autograph:  Greek auto- was a prefixal use of the adjective autós, meaning ‘same, self’. Many of the commonest auto- words in English, including autograph itself and also autocrat , automatic  (a derivative of automaton , which was formed from a hypothetical base *men- ‘think’ related to mental and mind), autonomy , and autopsy  (originally meaning ‘eye-witness’, and derived from Greek optós ‘seen’, source of English optic), are original Greek formations.
But the 19th and particularly the 20th century have seen a mass of new coinages, notably in scientific and technical terminology, including such familiar words as autism, autobiography, autoerotic, autofocus, autogiro, autoimmune, automotive, autosuggestion, and of course automobile (originally a French formation of the 1870s). Automobile has itself, of course, given rise to a completely new use for the auto- prefix, with the general connotation of ‘motorized transport’, as in autobus, autocar, autocycle, and the German autobahn.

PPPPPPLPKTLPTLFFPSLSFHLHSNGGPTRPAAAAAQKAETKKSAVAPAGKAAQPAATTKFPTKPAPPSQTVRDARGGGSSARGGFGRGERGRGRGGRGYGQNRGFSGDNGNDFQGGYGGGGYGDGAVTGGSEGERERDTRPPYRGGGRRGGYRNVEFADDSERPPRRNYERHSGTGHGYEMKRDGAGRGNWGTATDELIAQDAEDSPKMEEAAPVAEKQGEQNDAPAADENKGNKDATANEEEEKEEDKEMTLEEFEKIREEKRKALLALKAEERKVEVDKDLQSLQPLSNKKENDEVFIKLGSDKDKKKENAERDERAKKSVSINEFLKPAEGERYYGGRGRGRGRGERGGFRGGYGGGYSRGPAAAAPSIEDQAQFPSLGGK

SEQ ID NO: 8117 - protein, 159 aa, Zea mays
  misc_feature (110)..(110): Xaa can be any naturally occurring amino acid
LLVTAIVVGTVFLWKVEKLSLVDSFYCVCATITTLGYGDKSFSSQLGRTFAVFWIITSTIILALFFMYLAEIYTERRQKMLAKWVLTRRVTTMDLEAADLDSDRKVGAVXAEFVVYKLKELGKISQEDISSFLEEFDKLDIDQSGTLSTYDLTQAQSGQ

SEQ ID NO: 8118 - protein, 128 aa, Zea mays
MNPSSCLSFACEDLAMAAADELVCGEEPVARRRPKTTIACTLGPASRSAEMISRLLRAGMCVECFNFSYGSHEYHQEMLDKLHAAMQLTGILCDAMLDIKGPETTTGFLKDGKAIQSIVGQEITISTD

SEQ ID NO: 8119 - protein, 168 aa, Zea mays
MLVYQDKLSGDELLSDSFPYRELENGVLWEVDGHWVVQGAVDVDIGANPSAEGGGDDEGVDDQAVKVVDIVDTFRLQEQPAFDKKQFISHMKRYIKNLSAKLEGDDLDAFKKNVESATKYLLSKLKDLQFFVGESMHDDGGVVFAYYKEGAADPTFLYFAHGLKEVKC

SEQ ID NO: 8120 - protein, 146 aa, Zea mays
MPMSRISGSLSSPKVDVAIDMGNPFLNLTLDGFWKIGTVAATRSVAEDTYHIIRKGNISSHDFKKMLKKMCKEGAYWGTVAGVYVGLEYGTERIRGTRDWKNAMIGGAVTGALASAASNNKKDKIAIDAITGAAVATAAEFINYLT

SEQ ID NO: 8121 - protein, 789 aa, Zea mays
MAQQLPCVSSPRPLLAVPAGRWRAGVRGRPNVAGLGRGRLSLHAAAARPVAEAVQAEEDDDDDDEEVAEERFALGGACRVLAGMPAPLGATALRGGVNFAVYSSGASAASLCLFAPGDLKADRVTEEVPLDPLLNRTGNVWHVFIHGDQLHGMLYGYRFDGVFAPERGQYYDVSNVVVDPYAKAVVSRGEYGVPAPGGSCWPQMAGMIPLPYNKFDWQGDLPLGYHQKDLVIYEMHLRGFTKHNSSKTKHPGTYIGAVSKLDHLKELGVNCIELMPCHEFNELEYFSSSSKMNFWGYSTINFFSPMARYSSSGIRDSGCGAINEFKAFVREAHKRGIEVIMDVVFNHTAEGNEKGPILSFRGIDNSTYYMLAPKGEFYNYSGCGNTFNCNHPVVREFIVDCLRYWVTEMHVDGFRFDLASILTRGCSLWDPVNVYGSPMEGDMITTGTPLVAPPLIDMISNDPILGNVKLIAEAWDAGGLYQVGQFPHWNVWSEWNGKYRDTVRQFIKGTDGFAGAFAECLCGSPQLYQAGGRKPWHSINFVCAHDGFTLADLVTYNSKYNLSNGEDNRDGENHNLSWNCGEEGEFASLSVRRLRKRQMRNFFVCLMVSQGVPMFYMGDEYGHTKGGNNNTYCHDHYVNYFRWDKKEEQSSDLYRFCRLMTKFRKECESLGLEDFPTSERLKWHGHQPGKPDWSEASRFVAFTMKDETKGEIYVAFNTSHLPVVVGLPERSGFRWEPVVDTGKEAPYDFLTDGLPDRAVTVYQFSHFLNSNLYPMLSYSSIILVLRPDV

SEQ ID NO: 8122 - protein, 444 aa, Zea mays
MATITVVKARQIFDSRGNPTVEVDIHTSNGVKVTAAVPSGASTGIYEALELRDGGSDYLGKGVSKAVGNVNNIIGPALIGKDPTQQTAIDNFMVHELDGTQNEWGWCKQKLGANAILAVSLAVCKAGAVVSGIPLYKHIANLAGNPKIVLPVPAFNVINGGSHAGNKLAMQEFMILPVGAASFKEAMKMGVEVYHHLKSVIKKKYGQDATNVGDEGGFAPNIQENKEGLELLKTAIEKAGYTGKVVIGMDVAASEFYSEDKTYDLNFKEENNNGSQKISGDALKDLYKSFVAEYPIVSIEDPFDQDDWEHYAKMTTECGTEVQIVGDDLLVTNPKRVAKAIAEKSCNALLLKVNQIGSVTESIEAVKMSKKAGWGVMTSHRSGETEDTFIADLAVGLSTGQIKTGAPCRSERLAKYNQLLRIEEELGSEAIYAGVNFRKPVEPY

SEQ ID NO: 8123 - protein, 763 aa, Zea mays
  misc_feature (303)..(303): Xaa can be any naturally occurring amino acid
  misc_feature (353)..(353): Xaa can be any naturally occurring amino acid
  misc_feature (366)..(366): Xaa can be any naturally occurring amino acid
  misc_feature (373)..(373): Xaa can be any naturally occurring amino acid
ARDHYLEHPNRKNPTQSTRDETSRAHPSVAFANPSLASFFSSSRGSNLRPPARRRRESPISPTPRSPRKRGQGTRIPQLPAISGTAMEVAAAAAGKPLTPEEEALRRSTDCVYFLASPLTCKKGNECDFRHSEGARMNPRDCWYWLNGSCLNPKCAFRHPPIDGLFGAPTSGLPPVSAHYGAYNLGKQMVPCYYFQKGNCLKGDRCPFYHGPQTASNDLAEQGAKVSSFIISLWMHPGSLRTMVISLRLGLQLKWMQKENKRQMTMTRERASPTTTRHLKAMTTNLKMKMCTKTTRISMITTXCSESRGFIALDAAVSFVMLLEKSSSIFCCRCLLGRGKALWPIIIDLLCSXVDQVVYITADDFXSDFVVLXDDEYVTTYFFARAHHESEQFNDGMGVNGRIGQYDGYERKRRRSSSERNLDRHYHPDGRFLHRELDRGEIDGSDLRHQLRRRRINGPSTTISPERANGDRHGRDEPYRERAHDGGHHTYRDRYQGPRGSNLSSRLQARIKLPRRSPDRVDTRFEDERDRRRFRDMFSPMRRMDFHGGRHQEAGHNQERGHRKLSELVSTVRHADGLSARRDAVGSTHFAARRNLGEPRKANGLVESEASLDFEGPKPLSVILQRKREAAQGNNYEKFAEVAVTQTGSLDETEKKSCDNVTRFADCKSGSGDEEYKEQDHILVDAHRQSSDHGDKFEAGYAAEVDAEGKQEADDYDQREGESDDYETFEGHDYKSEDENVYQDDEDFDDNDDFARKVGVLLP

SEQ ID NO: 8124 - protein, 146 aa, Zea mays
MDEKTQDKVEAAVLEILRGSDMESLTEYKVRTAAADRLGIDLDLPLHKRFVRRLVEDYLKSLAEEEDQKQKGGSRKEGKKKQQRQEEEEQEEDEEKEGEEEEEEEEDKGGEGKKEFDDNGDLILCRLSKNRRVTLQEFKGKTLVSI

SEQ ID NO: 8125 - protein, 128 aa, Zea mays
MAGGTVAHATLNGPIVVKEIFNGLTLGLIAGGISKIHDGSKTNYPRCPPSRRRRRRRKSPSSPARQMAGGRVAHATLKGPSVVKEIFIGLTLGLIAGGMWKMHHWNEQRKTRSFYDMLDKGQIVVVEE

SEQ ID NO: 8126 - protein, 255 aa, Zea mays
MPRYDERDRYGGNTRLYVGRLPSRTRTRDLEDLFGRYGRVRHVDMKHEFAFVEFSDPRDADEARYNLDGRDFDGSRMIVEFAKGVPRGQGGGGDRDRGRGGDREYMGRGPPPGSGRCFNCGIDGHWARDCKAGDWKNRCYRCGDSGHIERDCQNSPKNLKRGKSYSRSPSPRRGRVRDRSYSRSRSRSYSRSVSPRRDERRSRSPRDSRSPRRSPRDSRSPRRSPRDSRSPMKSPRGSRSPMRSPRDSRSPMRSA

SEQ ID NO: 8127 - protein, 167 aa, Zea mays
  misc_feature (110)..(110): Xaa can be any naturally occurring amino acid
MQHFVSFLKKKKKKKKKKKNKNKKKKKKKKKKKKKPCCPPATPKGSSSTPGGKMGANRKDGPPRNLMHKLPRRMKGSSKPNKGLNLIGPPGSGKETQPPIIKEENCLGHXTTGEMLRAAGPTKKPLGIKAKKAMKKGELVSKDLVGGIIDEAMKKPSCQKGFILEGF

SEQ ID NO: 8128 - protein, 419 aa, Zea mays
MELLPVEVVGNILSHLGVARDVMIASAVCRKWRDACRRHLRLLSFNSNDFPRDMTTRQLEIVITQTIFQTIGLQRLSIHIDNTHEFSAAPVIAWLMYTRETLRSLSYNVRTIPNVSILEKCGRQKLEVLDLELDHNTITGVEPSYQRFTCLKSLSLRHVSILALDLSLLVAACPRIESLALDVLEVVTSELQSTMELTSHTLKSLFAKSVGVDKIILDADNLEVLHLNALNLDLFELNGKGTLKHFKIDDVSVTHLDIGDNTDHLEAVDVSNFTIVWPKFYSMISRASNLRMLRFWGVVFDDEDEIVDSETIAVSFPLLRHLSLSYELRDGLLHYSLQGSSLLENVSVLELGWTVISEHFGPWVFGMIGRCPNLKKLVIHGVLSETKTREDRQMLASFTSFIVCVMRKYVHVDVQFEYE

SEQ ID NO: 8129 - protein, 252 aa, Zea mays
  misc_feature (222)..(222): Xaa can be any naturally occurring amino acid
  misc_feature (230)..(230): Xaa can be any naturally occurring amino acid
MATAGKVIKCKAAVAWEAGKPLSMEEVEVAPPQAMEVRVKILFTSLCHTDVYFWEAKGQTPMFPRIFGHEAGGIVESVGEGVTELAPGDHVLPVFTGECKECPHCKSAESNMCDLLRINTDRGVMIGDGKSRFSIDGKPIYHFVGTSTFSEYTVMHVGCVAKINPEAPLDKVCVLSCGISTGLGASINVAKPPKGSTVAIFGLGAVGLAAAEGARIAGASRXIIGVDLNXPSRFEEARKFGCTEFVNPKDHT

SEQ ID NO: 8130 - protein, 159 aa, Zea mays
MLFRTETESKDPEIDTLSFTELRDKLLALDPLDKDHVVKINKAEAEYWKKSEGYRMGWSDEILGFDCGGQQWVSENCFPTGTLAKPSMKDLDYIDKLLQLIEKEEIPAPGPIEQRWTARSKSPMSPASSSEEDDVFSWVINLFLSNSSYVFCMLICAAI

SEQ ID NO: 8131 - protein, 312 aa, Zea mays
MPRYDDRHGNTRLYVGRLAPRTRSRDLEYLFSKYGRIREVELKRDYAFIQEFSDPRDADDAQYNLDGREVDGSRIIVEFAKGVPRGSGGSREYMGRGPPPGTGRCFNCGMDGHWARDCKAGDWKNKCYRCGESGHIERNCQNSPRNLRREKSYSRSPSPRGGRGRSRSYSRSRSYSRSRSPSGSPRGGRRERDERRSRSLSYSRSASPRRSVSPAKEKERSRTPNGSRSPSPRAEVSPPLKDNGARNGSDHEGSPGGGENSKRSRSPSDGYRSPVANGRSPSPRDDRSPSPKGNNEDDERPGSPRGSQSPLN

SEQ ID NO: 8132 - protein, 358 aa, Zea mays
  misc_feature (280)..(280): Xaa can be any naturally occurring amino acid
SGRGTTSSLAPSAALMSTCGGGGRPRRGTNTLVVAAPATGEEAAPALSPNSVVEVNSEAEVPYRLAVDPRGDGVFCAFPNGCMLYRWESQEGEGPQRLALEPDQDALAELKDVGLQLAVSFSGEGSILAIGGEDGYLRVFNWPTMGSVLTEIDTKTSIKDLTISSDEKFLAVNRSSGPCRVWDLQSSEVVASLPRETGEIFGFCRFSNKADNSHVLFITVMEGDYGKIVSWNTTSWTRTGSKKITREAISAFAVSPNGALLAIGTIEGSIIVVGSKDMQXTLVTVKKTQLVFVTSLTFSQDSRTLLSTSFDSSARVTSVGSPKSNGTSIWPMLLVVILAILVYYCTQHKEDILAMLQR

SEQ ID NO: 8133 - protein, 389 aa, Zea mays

"a person's signature," 1791, from Latin autographum, from Greek autographon, neuter of autographos "written with one's own hand," from autos- "self" (see auto-) + graphein "to write" (originally "to scratch;" see -graphy). Used earlier (1640s) to mean "author's own manuscript."